A Camera operator filming a scene from the 1950 Hollywood film Julius Caesar starring Charlton Heston
The production was for the TV movie Sherlock Holmes and the Case of the Silk Stocking at Somerset House in London.
Director of photography
The director of photography, DoP or DP, is the chief of the camera and lighting crew of the film. The DoP makes decisions on lighting and framing of shots in conjunction with the film's director. Typically, the director tells the DoP how he or she wants a shot to look, and the DoP chooses the correct lens, filter, lighting and composition to achieve the desired aesthetic effect. The DoP is the senior creative crew member after the director.
The term Cinematographer is usually synonymous with director of photography, though some professionals insist this only applies when the director of photography and camera operator are the same person.
The camera operator uses the camera at the direction of the cinematographer, director of photography, or the film director to capture the scenes on film or video. Generally, a cinematographer or director of photography does not operate the camera, but sometimes these jobs may be combined.
The first assistant camera, 1st AC or focus puller, is responsible for keeping the camera in focus as it is shooting, as well as building the camera at the beginning of the day and taking it apart at the end. They also thread the film when a new magazine is loaded.
Second assistant camera
The second assistant camera, 2nd AC or Clapper loader, operates the clapperboard at the beginning of each take and loads the raw film stock or blank videocassette into the camera magazines between takes, if there is no additional specifically designated film loader. The 2nd AC is also in charge of overseeing the meticulously kept notebooks that record when the film stock is received, used, and sent to the lab for processing. Additionally, the 2nd AC oversees organization of camera equipment and transport of the equipment from one shooting location to another.
The loader transfers motion picture film from the manufacturer's light-tight canisters to the camera magazines for attachment to the camera by the 2nd AC. After exposure during filming, the loader then removes the film from the magazines and places it back into the light-tight cans for transport to the laboratory. It is the responsibility of the loader to manage the inventory of film and communicate with the 1st AC on the film usage and remaining stock throughout the day. On small production crews, this job is often combined with the 2nd AC. With the prevalence of digital photography, this role is taken on by the digital imaging technician.
Camera production assistant
The camera PA, camera intern or camera trainee, assists the crew while learning the trade of the camera assistant, operator or cinematographer.
Digital imaging technician
On digital photography productions the digital imaging technician, or DIT, is responsible for the coordination of the internal workings of the digital camera. Under the direction of the cinematographer or director of photography, the DIT will make adjustments to the multitude of variables available in most professional digital cameras to creatively or technically manipulate the resulting image. It may also be the responsibility of the DIT to archive and manage the digital data, create compressed dailies from raw footage and prepare all digital images for post-production.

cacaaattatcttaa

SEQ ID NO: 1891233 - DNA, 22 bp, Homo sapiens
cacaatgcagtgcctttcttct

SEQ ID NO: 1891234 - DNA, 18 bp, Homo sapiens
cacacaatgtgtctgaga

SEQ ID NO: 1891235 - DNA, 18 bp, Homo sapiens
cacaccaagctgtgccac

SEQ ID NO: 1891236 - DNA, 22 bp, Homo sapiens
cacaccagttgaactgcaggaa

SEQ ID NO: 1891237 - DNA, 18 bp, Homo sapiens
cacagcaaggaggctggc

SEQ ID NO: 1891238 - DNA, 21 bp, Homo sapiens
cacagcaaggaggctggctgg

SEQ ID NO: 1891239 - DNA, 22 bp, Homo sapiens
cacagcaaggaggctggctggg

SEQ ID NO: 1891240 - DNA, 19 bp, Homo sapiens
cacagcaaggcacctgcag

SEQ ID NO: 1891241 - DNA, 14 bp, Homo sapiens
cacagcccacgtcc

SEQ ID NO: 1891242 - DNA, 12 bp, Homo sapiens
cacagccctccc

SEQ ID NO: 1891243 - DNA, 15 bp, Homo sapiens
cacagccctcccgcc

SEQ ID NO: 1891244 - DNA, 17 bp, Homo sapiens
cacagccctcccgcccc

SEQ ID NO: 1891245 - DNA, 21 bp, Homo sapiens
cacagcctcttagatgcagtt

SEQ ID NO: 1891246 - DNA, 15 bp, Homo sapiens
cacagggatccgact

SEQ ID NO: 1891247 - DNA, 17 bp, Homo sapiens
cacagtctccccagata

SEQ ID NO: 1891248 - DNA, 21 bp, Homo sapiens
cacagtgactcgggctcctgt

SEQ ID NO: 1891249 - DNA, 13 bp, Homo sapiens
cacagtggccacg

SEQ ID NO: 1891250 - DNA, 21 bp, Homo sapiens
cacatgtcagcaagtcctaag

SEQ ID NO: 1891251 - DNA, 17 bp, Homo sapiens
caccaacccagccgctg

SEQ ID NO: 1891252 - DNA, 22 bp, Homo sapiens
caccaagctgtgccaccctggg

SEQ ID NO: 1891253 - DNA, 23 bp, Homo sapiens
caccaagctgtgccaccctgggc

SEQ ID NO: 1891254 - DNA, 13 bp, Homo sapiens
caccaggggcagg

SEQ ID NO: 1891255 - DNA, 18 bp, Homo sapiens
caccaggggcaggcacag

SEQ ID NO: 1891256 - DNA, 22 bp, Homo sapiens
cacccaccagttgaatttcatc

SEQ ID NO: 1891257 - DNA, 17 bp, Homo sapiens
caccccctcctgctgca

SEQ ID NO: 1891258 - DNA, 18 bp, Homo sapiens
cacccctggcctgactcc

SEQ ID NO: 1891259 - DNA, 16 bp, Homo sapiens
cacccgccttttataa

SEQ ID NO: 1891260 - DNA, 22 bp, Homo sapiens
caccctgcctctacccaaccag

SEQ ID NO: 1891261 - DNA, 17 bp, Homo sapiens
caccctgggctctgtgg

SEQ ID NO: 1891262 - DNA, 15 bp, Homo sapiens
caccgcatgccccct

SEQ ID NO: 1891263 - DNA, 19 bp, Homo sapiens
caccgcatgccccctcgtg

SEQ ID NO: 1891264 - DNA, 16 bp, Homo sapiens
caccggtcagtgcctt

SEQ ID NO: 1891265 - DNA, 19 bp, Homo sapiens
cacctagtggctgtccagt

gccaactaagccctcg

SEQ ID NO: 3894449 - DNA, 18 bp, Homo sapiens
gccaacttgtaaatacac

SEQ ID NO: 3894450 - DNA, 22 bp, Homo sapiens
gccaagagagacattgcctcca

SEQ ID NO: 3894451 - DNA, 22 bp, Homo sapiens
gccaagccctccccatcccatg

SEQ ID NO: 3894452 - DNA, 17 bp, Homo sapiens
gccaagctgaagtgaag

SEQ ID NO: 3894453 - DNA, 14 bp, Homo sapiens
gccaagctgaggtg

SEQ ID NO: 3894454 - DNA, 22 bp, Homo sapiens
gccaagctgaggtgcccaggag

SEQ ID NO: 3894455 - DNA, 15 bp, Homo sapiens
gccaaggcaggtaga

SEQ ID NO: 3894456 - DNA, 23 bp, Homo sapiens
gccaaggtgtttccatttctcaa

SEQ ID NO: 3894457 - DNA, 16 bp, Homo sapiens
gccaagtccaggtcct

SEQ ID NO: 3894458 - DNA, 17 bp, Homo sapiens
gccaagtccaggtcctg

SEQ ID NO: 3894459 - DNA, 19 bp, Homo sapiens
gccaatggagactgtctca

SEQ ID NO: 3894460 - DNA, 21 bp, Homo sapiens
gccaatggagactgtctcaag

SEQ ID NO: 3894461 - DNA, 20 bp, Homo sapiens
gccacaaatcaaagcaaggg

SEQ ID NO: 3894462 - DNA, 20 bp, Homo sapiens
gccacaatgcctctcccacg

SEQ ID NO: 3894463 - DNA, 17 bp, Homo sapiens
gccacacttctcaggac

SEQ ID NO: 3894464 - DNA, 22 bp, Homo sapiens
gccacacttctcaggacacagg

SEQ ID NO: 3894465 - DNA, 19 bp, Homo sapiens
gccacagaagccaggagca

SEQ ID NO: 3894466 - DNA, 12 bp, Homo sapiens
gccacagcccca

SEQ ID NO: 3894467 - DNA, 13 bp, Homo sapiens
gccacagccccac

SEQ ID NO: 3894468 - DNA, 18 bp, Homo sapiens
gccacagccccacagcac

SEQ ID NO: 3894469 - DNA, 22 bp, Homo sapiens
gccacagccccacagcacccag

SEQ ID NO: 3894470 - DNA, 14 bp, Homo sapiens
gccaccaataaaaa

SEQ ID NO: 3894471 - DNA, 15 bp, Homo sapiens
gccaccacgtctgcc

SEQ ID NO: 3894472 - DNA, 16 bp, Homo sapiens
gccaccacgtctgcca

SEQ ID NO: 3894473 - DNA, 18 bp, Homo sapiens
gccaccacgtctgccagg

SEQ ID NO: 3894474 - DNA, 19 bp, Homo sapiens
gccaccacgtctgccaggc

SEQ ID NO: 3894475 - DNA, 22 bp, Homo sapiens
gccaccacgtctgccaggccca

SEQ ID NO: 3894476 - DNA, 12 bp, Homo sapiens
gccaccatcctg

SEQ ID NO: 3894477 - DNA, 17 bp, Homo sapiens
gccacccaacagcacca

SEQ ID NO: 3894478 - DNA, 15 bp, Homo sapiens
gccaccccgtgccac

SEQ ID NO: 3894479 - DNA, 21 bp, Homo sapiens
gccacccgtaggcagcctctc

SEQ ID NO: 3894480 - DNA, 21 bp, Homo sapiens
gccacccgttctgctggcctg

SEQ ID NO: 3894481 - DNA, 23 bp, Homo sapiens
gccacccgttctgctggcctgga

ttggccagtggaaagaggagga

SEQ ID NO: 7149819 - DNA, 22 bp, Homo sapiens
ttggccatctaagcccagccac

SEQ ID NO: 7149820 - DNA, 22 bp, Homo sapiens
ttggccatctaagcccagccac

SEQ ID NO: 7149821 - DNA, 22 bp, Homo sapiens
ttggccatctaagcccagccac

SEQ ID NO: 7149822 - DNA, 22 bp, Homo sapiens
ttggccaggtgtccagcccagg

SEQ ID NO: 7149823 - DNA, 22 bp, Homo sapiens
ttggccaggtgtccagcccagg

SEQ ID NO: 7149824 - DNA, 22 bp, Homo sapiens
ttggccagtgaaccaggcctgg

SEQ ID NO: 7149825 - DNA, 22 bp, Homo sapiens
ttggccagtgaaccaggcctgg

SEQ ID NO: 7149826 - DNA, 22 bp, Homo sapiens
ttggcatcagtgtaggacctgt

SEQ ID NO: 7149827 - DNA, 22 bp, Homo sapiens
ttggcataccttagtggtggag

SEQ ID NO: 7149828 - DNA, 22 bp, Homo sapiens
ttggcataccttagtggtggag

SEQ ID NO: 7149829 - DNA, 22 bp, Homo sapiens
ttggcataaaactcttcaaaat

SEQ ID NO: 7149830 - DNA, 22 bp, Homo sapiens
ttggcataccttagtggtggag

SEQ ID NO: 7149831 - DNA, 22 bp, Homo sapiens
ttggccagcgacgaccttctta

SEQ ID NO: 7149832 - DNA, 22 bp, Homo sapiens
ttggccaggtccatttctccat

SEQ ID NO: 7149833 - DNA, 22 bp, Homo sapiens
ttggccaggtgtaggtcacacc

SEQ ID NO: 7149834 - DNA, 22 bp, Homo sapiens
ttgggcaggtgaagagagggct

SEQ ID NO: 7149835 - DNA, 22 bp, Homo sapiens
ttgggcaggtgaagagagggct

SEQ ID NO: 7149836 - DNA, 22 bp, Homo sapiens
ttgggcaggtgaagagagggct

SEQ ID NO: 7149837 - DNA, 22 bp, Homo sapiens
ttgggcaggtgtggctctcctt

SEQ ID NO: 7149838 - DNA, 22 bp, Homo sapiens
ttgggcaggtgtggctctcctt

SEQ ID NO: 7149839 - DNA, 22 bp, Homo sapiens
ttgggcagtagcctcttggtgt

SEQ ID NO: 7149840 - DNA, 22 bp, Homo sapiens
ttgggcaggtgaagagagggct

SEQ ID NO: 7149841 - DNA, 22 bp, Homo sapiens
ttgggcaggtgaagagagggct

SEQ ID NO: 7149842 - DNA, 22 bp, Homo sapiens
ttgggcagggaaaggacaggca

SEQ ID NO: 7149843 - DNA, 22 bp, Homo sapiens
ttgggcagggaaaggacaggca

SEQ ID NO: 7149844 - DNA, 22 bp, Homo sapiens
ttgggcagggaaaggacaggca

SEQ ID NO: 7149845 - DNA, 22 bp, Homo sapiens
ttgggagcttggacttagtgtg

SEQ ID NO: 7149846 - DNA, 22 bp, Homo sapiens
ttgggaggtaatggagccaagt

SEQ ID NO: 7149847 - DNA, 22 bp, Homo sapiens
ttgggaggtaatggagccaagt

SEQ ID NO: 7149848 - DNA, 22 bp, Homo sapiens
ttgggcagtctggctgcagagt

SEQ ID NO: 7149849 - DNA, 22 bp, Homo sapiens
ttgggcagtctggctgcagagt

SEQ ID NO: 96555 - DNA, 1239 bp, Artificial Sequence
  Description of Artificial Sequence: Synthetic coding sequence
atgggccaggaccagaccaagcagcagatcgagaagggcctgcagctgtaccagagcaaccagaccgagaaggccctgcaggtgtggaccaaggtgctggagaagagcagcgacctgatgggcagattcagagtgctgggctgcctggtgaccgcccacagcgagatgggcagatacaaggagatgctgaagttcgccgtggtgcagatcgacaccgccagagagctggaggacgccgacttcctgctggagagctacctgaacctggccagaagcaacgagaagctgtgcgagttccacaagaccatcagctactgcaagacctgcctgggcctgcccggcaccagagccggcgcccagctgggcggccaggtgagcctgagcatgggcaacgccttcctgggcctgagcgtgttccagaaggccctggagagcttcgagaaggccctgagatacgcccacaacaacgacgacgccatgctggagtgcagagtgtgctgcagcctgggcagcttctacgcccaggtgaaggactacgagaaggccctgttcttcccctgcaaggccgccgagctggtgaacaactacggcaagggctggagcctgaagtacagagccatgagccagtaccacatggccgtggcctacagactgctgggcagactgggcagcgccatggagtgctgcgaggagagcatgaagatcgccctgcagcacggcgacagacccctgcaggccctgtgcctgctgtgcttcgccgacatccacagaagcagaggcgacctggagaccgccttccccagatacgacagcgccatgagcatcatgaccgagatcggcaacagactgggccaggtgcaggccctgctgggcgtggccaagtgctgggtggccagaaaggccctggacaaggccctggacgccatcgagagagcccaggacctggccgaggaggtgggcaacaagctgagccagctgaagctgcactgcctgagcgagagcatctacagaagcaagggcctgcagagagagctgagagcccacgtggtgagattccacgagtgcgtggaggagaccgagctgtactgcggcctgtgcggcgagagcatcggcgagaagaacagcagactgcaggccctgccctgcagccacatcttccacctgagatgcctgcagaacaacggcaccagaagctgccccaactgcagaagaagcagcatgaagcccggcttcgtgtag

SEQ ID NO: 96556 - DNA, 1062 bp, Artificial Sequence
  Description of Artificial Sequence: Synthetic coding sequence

A steadicam operator is someone who is skilled at operating a Steadicam (trademark for a camera stabilization rig). This person is usually one of the camera operators on the production.
Motion control technician/Operator
This technician operates a motion control rig, which essentially is a 'camera robot' able to consistently repeat camera moves for special effects uses. Motion control rigs are typically rented with an experienced operator.
The gaffer is the head of the lighting department, responsible for the design of the lighting plan for a production. Sometimes the gaffer is credited as chief lighting technician.
Best boy (lighting)
The best boy is the chief assistant to the gaffer. He or she is not usually on set, but dealing with the electric truck, rentals, manpower, and other logistics.
Lighting technicians are involved with setting up and controlling lighting equipment.
Electricians assist the lighting crew but are not part of the lighting crew. They are responsible for the execution of the electrical distribution around the set from lights to the directors coffee maker.
Grips are trained lighting and rigging technicians. Their main responsibility is to work closely with the electrical department to put in the non-electrical components of lighting set-ups required for a shot, such as flags, overheads, and bounces. On the sound stage, they move and adjust major set pieces when something needs to be moved to get a camera into position. In the US and Canada they may belong to the International Alliance of Theatrical Stage Employees.
The key grip is the chief grip on a set, and is the head of the set operations department. The key grip works with the director of photography to help set up the set and to achieve correct lighting and blocking.
Best boy (grip)
The best boy is chief assistant to the key grip. They are also responsible for organizing the grip truck throughout the day.
The grip in charge of operating the camera dollies and camera cranes is called the dolly grip. They place, level, and move the dolly track, then push and pull the dolly, and usually a camera operator and camera assistant as riders.
Grips report to the key grip and are responsible for lifting heavy things and setting rigging points for lights.